Pass the DREAM Act, now

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by Eric Mar and Eric Quezada

news@sfbg.com

OPINION Imagine for a moment that you are 14 years old. Your parents, stuck in perpetual poverty and unemployment (or perhaps worse), move your family to a foreign country to begin a new life.

You work hard, struggle to fit in, study constantly, and fill your spare time with school activities. Maybe you even work a little on the side to chip in. You are a parent's dream, and a model of young citizenship.

Except that you're not a citizen. And one day, even as you've mastered English and flourished in school and in the community, you are stopped like a criminal by federal authorities.

This is what happened to Steve Li, an engaging and industrious 20-year-old student at City College of San Francisco and a graduate from George Washington High School. He always thought he was an average San Franciscan until the morning of Sept. 15, when Immigration and Customs Enforcement agents suddenly raided his home and arrested him and his parents. Steve was incarcerated in Arizona for more than 60 days, far from his friends and family. Through a full-court legal and legislative press, and a groundswell of immigrant community organizing leading to a private emergency bill by Sen. Dianne Feinstein, Li has temporarily staved off deportation. But Li and thousands of other hard-working young immigrant Americans could soon be summarily tossed out of the country if Congress doesn't act now to pass the Development, Relief, and Education for Alien Minors (DREAM) Act.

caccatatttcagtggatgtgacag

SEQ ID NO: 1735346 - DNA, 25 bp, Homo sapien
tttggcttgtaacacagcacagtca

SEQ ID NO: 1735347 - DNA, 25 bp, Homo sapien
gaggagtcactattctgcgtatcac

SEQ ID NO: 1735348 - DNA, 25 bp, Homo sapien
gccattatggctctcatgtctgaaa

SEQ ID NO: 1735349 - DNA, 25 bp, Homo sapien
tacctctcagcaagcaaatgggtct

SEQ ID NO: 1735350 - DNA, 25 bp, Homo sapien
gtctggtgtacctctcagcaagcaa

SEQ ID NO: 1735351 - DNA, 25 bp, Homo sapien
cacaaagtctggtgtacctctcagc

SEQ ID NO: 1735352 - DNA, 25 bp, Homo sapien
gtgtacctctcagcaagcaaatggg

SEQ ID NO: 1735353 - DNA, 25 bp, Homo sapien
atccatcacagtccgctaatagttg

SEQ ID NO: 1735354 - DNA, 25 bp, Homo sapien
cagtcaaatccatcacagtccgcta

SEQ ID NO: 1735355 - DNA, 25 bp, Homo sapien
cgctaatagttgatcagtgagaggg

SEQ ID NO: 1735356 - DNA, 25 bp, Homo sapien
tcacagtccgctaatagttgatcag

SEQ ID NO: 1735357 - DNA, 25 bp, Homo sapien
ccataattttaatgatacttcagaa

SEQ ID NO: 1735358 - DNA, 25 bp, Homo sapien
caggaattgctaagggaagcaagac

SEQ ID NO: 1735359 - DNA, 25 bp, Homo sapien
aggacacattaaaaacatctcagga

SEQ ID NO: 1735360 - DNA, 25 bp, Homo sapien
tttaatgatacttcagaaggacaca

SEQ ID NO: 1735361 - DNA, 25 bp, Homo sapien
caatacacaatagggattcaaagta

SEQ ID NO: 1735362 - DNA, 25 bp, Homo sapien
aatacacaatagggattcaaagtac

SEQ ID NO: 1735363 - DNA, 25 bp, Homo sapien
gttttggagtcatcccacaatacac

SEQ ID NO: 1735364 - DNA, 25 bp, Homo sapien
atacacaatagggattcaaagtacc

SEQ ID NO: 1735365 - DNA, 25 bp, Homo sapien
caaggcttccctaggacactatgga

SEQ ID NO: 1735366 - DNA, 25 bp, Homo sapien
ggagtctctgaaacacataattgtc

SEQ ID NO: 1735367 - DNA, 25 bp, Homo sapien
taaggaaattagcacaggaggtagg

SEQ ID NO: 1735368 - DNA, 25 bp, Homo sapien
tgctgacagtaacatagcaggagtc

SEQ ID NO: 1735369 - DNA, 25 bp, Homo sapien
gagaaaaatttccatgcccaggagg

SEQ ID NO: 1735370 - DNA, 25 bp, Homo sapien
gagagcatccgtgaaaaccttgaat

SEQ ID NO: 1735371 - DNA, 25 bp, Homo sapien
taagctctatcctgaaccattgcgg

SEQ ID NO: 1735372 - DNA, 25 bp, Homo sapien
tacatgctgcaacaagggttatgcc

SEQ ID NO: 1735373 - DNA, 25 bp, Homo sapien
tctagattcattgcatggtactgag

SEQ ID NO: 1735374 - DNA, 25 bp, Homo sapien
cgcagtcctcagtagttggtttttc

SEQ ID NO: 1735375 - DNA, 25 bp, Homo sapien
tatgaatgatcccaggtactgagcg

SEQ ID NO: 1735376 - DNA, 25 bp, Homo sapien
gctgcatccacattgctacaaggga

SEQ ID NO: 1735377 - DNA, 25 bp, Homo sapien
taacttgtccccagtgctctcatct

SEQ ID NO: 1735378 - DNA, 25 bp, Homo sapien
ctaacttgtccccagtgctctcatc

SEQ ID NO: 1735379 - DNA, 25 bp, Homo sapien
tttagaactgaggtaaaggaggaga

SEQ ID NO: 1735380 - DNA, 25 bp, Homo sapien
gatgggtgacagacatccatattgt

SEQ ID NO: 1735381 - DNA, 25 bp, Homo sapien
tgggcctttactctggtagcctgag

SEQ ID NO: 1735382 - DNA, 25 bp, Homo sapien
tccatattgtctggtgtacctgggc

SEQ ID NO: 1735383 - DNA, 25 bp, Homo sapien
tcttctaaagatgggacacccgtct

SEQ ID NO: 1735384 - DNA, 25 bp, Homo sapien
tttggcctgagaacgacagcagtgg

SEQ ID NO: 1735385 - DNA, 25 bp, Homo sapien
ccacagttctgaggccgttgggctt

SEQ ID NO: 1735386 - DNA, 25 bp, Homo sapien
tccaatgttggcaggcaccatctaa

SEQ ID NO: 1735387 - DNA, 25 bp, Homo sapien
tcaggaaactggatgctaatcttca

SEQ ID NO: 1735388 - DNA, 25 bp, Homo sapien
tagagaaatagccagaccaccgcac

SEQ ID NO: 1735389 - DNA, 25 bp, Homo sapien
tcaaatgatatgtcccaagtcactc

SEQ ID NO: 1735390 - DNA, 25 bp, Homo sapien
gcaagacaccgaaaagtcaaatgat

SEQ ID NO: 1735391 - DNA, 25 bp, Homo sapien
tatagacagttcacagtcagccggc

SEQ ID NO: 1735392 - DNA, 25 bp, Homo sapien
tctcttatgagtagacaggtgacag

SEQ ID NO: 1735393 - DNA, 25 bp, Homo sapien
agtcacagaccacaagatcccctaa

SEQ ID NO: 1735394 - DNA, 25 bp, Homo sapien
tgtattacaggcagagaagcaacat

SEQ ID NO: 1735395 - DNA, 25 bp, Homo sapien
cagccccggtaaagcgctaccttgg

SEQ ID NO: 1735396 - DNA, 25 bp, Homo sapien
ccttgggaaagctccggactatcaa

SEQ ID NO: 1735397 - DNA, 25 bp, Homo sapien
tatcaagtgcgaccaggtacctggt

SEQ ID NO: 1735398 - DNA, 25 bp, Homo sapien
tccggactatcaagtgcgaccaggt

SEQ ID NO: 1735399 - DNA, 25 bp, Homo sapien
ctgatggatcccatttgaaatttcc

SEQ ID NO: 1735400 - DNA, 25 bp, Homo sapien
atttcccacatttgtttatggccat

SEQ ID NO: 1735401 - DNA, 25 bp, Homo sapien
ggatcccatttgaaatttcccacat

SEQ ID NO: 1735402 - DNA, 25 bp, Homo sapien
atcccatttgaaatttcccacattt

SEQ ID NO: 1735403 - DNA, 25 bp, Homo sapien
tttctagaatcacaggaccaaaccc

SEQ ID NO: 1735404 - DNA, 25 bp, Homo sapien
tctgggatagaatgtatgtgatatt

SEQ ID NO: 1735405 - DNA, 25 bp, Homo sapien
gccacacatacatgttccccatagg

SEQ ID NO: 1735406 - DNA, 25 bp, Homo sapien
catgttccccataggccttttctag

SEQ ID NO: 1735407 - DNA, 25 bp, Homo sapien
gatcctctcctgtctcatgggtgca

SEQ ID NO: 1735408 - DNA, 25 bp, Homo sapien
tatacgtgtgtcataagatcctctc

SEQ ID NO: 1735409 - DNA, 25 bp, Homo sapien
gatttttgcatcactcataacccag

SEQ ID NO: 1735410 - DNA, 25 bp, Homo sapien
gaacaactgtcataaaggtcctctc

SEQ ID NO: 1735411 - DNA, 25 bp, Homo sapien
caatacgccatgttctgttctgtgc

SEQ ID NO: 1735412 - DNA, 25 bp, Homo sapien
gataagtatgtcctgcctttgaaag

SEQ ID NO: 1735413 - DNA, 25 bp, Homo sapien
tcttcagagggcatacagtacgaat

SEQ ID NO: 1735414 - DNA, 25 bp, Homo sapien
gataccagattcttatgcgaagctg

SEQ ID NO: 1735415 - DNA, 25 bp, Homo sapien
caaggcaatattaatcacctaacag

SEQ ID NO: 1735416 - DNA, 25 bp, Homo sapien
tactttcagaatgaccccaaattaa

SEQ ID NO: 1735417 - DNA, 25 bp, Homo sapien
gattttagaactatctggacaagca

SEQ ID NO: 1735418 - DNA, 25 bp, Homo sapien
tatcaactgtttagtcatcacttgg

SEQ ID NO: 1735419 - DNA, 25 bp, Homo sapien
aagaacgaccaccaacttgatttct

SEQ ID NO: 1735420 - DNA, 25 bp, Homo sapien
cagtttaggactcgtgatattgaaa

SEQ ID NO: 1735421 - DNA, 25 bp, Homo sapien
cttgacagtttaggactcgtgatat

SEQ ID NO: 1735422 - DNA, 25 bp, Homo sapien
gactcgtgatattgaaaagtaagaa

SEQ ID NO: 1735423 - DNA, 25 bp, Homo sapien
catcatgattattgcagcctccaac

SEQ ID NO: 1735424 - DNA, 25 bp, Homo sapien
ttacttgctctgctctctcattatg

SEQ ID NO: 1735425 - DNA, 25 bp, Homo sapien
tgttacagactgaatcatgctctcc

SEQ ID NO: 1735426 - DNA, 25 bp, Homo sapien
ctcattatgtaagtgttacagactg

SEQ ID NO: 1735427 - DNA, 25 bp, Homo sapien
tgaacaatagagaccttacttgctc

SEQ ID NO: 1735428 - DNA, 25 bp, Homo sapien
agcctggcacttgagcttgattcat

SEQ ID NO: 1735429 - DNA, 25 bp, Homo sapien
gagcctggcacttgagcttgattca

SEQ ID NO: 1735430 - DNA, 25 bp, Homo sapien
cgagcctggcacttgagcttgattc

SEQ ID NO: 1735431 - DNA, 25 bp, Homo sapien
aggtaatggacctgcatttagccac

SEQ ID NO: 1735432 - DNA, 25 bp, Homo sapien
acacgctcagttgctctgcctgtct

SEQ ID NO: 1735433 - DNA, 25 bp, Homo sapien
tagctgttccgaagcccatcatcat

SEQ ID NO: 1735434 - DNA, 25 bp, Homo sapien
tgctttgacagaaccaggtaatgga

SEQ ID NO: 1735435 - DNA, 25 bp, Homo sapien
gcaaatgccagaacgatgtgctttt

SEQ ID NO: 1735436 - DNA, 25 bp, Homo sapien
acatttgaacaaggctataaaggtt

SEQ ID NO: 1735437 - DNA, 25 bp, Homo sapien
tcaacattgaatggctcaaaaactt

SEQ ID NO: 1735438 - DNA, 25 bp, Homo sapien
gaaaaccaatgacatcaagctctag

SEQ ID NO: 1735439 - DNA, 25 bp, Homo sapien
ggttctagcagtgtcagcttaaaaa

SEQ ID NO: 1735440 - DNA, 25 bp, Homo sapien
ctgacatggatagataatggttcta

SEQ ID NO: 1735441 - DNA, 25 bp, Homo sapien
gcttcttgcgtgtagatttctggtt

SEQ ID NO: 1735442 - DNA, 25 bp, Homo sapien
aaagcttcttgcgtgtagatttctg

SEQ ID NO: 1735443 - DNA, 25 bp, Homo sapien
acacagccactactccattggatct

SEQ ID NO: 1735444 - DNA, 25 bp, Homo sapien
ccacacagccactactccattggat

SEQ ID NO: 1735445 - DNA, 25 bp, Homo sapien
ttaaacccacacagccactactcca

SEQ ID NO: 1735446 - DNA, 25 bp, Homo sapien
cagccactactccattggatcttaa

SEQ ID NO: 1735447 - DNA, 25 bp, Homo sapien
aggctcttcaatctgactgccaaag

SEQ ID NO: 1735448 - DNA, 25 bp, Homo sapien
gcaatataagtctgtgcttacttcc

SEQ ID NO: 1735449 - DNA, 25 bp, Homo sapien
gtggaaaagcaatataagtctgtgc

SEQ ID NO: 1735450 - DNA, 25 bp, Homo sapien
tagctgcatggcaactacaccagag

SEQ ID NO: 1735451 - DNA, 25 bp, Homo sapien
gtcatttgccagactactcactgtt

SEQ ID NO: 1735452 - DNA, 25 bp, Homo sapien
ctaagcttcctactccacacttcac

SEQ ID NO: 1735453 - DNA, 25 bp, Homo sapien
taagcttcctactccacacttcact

The DREAM Act is a common-sense, bipartisan measure that is urgently needed to avoid countless other Steve Li cases. Despite congressional wavering on comprehensive immigration reform (which a consistent majority of Americans support), everyone should be able to agree on the basic right of undocumented immigrant minors, who are moved here by their parents, to gain steps toward obtaining citizenship.

In brief, the DREAM Act would enable some immigrant students who have grown up in the U.S. to apply for temporary legal status and to eventually obtain permanent status and become eligible for U.S. citizenship if they go to college or serve in the U.S. military.